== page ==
Plato and Aristotle both believed that the arts were mimetic creations of the human mind that had the power to influence society. In this they were representative of a widespread consensus in ancient culture. Cultural and political impulses informed the fine arts, and these in turn shaped—and were often intended to shape—the living world. The contributors to this volume, all of whom have been encouraged and inspired by the work of Peter Green, document the interaction between life and the arts that has made art more lively and life more artful in sixteen essays with subjects ranging from antiquity to modern times.
With topics ranging from Antigone to D. H. Lawrence and Norman Douglas, and from Bactrian coins to Livy's characterization of women, the scope, the zest, and the scholarship of these essays will illuminate new avenues in our understanding of the relationship between classics and culture, and in our appreciation of both the artistic products that have come down to us and the varieties of life from which they spring.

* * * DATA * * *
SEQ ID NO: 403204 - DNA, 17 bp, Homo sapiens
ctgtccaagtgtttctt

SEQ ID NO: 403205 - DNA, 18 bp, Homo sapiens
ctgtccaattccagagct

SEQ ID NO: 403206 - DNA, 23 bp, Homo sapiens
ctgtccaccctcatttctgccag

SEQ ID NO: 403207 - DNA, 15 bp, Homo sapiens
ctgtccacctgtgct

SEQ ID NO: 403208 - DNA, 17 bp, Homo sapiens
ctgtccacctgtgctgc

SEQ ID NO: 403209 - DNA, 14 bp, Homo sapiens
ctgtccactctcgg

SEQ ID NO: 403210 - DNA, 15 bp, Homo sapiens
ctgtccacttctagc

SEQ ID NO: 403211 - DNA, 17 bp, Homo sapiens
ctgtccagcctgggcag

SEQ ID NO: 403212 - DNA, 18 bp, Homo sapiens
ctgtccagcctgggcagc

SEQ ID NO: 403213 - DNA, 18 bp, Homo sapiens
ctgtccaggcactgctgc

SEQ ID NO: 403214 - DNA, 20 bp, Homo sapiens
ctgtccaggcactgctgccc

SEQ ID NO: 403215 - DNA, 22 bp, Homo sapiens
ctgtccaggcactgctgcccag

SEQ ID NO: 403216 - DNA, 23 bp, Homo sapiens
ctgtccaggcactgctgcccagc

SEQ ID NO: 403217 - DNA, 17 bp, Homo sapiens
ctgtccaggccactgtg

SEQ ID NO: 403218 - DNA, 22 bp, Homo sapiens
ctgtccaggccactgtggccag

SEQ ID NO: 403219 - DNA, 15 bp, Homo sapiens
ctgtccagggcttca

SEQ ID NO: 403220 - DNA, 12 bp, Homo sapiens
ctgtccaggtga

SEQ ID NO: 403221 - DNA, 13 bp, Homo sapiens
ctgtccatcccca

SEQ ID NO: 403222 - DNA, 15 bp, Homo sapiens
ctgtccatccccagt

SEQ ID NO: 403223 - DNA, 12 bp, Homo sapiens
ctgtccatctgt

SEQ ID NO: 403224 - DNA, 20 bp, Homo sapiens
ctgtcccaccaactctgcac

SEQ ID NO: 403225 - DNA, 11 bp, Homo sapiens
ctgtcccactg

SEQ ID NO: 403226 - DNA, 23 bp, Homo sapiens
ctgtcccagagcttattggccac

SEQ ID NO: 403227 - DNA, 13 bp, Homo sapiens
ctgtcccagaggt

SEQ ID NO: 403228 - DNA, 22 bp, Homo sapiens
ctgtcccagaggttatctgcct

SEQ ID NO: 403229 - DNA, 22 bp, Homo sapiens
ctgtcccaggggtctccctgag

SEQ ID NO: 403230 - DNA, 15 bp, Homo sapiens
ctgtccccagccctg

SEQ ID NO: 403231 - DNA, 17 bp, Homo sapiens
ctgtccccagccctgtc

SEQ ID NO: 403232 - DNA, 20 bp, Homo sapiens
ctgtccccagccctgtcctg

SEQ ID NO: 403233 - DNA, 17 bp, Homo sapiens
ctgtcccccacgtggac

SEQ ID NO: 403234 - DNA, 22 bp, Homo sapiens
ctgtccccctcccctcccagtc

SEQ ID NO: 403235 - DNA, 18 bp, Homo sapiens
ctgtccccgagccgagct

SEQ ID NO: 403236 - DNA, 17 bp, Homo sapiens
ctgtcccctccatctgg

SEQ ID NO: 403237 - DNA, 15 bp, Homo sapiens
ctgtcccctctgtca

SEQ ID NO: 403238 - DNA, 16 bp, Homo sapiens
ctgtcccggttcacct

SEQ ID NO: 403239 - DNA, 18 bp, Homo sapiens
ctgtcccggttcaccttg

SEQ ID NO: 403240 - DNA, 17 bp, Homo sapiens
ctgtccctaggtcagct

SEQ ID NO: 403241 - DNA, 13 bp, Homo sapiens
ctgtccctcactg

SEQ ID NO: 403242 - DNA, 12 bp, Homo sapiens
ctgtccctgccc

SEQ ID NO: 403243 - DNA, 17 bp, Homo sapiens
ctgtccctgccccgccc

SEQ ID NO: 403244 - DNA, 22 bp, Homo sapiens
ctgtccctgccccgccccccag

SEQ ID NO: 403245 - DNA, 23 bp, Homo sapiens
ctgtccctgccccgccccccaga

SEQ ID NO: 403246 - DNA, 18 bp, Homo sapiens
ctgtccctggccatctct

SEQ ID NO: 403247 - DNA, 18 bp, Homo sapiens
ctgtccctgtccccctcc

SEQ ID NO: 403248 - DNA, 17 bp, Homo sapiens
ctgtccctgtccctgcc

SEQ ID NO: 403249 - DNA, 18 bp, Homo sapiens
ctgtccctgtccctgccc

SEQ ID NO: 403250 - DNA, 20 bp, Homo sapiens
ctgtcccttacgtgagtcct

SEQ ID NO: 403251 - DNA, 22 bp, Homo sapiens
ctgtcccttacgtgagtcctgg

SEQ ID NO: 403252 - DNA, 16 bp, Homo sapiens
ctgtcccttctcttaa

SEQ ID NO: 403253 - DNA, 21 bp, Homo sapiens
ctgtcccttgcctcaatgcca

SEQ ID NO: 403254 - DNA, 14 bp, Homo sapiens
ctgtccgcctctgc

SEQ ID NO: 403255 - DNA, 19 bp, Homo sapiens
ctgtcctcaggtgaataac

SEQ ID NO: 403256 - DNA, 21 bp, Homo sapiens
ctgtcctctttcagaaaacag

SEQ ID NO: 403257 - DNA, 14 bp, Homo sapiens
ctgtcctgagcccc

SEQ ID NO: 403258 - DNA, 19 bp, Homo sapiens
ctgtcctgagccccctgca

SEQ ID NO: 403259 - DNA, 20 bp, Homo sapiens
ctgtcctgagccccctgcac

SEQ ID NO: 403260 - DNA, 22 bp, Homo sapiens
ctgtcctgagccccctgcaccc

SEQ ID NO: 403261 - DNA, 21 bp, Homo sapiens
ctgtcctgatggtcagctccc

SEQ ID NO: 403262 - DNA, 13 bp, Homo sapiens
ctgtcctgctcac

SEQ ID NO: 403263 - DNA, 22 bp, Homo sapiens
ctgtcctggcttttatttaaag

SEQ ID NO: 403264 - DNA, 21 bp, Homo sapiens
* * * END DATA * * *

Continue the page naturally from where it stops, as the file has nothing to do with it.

Ernst Badian, Alan L. Boegehold, Eugene N. Borza, Stanley M. Burstein, Diana Delia, Robert Eisner, Donald Engels, Frank J. Frost, Karl Galinsky, Erich S. Gruen, Frank L. Holt, Richard F. Moorton Jr., Alan Samuel, Philip O. Spann, Frances B. Titchener, Elizabeth Vandiver
Frances B. Titchener is Associate Professor of History at Utah State University. Richard F. Moorton Jr. is Associate Professor of Classics at Connecticut College.